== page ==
Simulate Artificial Physiological Signals

This example can be referenced by citing the package.

Neurokit’s core signal processing functions surround electrocardiogram (ECG), respiratory (RSP), electrodermal activity (EDA), and electromyography (EMG) data. Hence, this example shows how to use Neurokit to simulate these physiological signals with customized parametric control.

[5]:
import warnings
warnings.filterwarnings('ignore')
[6]:
# Load NeuroKit and other useful packages
import neurokit2 as nk
import numpy as np
import pandas as pd
import seaborn as sns
import matplotlib.pyplot as plt
%matplotlib inline
[7]:
plt.rcParams['figure.figsize'] = [10, 6]  # Bigger images

Cardiac Activity (ECG)

With ecg_simulate(), you can generate an artificial ECG signal of a desired length (in this case here, duration=10), noise, and heart rate. As you can see in the plot below, ecg50 has about half the number of heart beats than ecg100, and ecg50 also has more noise in the signal than the latter.

[8]:
# Alternate heart rate and noise levels
ecg50 = nk.ecg_simulate(duration=10, noise=0.05, heart_rate=50)
ecg100 = nk.ecg_simulate(duration=10, noise=0.01, heart_rate=100)

# Visualize
ecg_df = pd.DataFrame({"ECG_100": ecg100,
                       "ECG_50": ecg50})

nk.signal_plot(ecg_df, subplots=True)
../_images/examples_simulation_7_0.png

You can also choose to generate the default, simple simulation based on Daubechies wavelets, which roughly approximates one cardiac cycle, or a more complex one by specifiying method="ecgsyn".

[9]:
# Alternate methods
ecg_sim = nk.ecg_simulate(duration=10, method="simple")
ecg_com = nk.ecg_simulate(duration=10, method="ecgsyn")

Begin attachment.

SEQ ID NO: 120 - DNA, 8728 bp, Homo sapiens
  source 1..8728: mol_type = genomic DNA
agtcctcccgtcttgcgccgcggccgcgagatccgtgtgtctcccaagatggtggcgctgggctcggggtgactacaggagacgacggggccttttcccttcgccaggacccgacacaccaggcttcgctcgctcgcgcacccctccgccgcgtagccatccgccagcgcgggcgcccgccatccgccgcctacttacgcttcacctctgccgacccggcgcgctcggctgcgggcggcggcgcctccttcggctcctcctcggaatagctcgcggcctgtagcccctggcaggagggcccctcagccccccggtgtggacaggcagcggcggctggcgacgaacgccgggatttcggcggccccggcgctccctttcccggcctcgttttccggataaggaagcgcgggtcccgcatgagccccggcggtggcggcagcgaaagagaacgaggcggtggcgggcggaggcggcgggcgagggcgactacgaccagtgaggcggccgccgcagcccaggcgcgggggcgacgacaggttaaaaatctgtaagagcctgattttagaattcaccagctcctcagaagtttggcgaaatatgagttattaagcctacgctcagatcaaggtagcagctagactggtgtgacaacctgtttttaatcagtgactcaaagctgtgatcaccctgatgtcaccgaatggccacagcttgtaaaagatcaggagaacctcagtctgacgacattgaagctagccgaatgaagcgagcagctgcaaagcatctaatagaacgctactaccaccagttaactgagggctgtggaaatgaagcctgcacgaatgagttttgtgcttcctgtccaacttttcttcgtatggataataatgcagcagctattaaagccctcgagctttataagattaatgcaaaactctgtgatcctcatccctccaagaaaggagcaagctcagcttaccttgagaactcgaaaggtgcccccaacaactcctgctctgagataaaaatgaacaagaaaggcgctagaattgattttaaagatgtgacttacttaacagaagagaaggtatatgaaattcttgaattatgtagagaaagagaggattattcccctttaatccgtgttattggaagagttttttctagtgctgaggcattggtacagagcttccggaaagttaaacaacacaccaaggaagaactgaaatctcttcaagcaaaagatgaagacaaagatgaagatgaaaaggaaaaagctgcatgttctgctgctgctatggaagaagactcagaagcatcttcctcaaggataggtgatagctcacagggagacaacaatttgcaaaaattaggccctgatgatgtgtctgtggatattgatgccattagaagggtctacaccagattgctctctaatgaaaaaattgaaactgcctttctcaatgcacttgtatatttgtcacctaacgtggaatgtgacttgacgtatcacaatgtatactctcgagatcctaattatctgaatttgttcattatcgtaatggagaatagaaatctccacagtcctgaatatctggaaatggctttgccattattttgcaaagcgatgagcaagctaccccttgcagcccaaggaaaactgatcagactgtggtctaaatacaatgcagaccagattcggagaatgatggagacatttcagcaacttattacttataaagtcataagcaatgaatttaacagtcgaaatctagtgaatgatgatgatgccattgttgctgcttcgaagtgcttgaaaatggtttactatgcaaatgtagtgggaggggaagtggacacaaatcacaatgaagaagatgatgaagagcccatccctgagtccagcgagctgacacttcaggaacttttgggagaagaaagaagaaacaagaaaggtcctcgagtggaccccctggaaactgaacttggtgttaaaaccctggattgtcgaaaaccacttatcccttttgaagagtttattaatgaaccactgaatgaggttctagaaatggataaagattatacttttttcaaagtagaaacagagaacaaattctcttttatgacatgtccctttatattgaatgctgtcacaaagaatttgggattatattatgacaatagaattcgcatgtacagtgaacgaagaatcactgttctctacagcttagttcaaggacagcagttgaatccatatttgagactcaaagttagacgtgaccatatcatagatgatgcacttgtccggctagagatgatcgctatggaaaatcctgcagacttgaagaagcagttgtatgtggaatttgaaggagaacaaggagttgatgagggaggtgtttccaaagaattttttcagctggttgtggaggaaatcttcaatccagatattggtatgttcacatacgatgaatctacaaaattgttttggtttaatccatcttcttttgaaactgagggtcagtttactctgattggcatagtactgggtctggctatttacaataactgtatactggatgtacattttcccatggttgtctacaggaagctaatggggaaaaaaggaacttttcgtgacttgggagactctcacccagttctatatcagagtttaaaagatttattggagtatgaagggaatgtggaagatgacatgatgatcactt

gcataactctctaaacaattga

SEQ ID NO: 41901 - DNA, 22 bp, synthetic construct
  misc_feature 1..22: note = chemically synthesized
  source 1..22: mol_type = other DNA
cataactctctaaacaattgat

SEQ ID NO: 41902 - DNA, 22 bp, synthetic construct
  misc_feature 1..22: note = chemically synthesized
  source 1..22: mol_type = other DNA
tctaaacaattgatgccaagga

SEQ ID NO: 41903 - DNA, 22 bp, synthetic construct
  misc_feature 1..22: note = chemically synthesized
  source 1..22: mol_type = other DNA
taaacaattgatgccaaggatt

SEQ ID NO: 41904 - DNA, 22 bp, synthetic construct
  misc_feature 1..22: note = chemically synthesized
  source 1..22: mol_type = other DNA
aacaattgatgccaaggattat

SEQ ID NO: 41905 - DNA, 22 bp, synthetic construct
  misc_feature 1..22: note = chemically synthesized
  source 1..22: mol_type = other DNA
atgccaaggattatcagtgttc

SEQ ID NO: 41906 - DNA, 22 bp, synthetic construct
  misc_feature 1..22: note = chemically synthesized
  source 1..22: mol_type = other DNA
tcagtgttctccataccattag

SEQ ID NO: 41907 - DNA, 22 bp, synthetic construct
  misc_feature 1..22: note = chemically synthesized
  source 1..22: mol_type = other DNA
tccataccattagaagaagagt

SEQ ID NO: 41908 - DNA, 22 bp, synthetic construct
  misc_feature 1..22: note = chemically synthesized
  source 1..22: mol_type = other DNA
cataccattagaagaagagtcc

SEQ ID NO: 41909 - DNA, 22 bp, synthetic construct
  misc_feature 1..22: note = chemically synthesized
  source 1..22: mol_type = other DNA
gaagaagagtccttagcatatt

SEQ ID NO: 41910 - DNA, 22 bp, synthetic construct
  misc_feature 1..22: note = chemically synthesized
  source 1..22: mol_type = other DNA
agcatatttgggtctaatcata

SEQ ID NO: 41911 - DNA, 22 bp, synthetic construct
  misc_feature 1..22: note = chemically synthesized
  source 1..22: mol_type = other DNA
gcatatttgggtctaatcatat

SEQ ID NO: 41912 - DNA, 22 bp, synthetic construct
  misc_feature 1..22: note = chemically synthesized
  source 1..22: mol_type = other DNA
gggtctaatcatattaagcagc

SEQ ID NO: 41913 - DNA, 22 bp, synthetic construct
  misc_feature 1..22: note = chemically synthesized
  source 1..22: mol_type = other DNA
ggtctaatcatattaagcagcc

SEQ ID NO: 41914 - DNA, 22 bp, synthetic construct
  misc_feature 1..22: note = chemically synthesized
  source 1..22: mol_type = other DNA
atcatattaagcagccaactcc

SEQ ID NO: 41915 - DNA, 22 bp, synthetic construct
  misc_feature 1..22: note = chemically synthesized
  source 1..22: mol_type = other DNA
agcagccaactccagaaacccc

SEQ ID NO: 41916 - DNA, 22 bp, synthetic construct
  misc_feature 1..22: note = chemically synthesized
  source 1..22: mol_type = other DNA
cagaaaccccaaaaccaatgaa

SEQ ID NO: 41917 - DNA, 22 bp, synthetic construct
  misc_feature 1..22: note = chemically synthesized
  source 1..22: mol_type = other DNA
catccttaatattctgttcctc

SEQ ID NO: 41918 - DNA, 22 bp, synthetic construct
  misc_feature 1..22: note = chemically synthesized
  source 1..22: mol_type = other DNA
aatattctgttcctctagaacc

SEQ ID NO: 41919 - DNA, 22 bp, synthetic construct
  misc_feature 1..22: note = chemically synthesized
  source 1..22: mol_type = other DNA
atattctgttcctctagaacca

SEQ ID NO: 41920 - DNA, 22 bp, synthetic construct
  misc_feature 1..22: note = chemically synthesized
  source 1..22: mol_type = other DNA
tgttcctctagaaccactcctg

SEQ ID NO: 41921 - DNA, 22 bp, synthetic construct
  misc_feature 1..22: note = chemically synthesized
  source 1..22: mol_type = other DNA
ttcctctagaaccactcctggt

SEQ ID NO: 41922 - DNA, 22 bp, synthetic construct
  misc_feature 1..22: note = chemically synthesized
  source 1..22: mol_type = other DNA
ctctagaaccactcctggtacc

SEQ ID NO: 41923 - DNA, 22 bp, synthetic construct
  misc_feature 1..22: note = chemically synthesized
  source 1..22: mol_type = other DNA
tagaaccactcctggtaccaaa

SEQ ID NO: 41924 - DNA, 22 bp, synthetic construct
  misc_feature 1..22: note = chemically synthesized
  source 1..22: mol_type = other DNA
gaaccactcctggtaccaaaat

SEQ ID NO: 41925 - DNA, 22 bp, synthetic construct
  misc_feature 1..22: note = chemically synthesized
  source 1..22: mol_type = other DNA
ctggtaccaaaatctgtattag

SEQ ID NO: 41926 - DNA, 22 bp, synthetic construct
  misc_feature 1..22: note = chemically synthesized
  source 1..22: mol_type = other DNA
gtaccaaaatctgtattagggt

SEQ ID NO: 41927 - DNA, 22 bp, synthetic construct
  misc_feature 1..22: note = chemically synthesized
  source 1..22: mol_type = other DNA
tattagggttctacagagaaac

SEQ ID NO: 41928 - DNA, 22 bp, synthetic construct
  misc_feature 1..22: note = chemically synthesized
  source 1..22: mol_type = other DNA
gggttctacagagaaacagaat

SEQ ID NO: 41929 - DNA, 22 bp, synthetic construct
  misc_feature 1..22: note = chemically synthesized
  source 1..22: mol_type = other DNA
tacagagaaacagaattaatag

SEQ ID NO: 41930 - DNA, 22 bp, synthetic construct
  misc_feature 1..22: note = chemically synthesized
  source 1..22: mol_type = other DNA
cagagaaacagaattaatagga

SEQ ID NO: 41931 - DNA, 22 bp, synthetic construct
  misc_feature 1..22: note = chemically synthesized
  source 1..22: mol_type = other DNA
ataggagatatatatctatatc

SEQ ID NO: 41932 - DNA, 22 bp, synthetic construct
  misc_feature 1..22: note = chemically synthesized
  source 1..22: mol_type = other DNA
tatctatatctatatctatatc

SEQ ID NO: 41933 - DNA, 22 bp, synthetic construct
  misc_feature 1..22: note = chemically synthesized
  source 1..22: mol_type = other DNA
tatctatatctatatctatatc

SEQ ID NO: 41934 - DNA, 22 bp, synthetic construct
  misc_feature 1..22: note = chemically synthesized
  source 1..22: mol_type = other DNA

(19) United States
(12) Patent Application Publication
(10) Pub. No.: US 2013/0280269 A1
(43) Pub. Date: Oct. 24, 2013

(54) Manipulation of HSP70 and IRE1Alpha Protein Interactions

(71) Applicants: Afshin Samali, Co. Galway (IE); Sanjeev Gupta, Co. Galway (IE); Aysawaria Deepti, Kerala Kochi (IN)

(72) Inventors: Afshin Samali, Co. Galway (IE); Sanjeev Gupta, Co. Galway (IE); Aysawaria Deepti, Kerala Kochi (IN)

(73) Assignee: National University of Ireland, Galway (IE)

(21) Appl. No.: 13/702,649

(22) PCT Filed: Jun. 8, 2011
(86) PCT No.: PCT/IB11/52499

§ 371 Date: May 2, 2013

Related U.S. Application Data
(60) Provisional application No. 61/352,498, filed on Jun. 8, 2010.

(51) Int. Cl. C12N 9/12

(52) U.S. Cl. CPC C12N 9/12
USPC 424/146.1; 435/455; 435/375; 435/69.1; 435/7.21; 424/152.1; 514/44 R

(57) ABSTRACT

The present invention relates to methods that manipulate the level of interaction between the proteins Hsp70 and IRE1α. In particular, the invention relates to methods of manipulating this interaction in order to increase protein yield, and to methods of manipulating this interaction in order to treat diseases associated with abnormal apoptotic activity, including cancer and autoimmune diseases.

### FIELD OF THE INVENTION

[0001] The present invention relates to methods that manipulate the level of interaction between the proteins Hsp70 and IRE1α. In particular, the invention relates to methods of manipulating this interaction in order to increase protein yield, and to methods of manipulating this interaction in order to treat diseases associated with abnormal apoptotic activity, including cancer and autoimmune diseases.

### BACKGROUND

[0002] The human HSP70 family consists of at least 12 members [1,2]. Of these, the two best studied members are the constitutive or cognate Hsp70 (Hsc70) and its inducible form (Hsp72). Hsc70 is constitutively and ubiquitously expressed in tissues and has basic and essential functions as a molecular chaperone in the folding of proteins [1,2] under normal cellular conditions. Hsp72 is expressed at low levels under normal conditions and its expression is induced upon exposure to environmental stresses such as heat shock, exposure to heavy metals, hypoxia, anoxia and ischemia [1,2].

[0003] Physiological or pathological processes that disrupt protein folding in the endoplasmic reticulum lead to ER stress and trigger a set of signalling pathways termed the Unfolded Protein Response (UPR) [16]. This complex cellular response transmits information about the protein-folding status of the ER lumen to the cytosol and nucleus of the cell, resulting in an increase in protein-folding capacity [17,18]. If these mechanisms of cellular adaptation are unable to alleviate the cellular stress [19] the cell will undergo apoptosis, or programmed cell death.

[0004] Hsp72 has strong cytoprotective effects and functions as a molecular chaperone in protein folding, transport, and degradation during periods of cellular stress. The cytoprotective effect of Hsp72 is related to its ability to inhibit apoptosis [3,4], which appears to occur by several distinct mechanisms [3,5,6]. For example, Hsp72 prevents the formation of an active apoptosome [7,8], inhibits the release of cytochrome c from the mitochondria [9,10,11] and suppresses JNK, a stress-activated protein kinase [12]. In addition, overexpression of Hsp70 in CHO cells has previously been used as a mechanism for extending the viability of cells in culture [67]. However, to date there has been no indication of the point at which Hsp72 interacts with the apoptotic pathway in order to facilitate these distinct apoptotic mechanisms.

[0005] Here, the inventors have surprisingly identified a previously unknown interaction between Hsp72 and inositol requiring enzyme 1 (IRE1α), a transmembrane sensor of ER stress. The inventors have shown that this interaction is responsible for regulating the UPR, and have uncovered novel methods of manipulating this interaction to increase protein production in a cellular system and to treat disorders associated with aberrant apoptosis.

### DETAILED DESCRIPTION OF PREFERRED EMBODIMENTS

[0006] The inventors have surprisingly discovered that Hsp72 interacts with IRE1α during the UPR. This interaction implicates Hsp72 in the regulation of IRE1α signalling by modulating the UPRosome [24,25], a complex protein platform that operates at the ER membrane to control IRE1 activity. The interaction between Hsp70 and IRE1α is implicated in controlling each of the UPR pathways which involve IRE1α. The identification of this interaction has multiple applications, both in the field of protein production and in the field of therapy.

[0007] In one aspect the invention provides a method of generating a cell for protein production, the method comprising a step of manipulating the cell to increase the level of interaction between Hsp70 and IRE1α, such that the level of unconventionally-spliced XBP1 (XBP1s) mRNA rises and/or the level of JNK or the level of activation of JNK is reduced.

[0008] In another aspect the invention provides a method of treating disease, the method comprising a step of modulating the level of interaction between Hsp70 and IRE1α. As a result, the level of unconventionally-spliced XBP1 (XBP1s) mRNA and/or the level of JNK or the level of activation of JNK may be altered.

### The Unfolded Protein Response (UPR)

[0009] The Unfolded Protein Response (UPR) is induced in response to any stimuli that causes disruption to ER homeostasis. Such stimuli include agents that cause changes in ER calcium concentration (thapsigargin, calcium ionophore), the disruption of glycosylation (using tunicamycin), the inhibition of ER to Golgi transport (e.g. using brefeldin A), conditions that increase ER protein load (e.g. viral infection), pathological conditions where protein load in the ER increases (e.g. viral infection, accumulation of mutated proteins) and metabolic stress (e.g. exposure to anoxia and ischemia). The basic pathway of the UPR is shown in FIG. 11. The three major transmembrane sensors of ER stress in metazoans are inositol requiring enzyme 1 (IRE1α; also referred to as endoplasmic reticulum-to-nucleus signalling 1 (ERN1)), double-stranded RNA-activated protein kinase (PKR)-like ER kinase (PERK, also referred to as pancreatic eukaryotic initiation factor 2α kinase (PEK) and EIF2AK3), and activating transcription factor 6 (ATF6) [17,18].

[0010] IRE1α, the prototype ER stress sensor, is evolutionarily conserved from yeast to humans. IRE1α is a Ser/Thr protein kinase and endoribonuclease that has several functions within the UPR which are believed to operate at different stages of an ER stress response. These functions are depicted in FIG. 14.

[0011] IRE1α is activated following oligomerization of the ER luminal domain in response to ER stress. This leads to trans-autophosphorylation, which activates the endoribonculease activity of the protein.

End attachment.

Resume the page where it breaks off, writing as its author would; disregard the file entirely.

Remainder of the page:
# Visualize
methods = pd.DataFrame({"ECG_Simple": ecg_sim,
              "ECG_Complex": ecg_com})
nk.signal_plot(methods, subplots=True)
../_images/examples_simulation_9_0.png

Respiration (RSP)

To simulate a synthetic respiratory signal, you can use rsp_simulate() and choose a specific duration and breathing rate. In this example below, you can see that rsp7 has a lower breathing rate than rsp15. You can also decide which model you want to generate the signal. The simple rsp15 signal incorporates method = "sinusoidal" which approximates a respiratory cycle based on the trigonometric sine wave. On the other hand, the complex rsp15 signal specifies method = "breathmetrics" which uses a more advanced model by interpolating inhalation and exhalation pauses between each respiratory cycle.

[10]:
# Simulate
rsp15_sim = nk.rsp_simulate(duration=20, respiratory_rate=15, method="sinusoidal")
rsp15_com = nk.rsp_simulate(duration=20, respiratory_rate=15, method="breathmetrics")
rsp7 = nk.rsp_simulate(duration=20, respiratory_rate=7, method="breathmetrics")

# Visualize respiration rate
rsp_df = pd.DataFrame({"RSP7": rsp7,
                       "RSP15_simple": rsp15_sim,
                       "RSP15_complex": rsp15_com})
nk.signal_plot(rsp_df, subplots=True)
../_images/examples_simulation_12_0.png

Electromyography (EMG)

Now, we come to generating an artificial EMG signal using emg_simulate(). Here, you can specify the number of bursts of muscular activity (n_bursts) in the signal as well as the duration of the bursts (duration_bursts). As you can see the active muscle periods in EMG2_Longer are greater in duration than that of EMG2, and EMG5 contains more bursts than the former two.

[11]:
# Simulate
emg2 = nk.emg_simulate(duration=10, burst_number=2, burst_duration=1.0)
emg2_long = nk.emg_simulate(duration=10, burst_number=2, burst_duration=1.5)
emg5 = nk.emg_simulate(duration=10, burst_number=5, burst_duration=1.0)

# Visualize
emg_df = pd.DataFrame({"EMG2": emg2,
                       "EMG2_Longer": emg2_long,
                       "EMG5": emg5})
nk.signal_plot(emg_df,subplots=True)
../_images/examples_simulation_15_0.png

Electrodermal Activity (EDA)

Finally, eda_simulate() can be used to generate a synthetic EDA signal of a given duration, specifying the number of skin conductance responses or activity ‘peaks’ (n_scr) and the drift of the signal. You can also modify the noise level of the signal.

[12]:
# Simulate
eda1 = nk.eda_simulate(duration=10, scr_number=1, drift=-0.01, noise=0.05)
eda3 = nk.eda_simulate(duration=10, scr_number=3, drift=-0.01, noise=0.01)
eda3_long = nk.eda_simulate(duration=10, scr_number=3, drift=-0.1, noise=0.01)

# Visualize
eda_df = pd.DataFrame({"EDA1": eda1,
                       "EDA3": eda3,
                       "EDA3_Longer": eda3_long})
nk.signal_plot(eda_df, subplots=True)
../_images/examples_simulation_18_0.png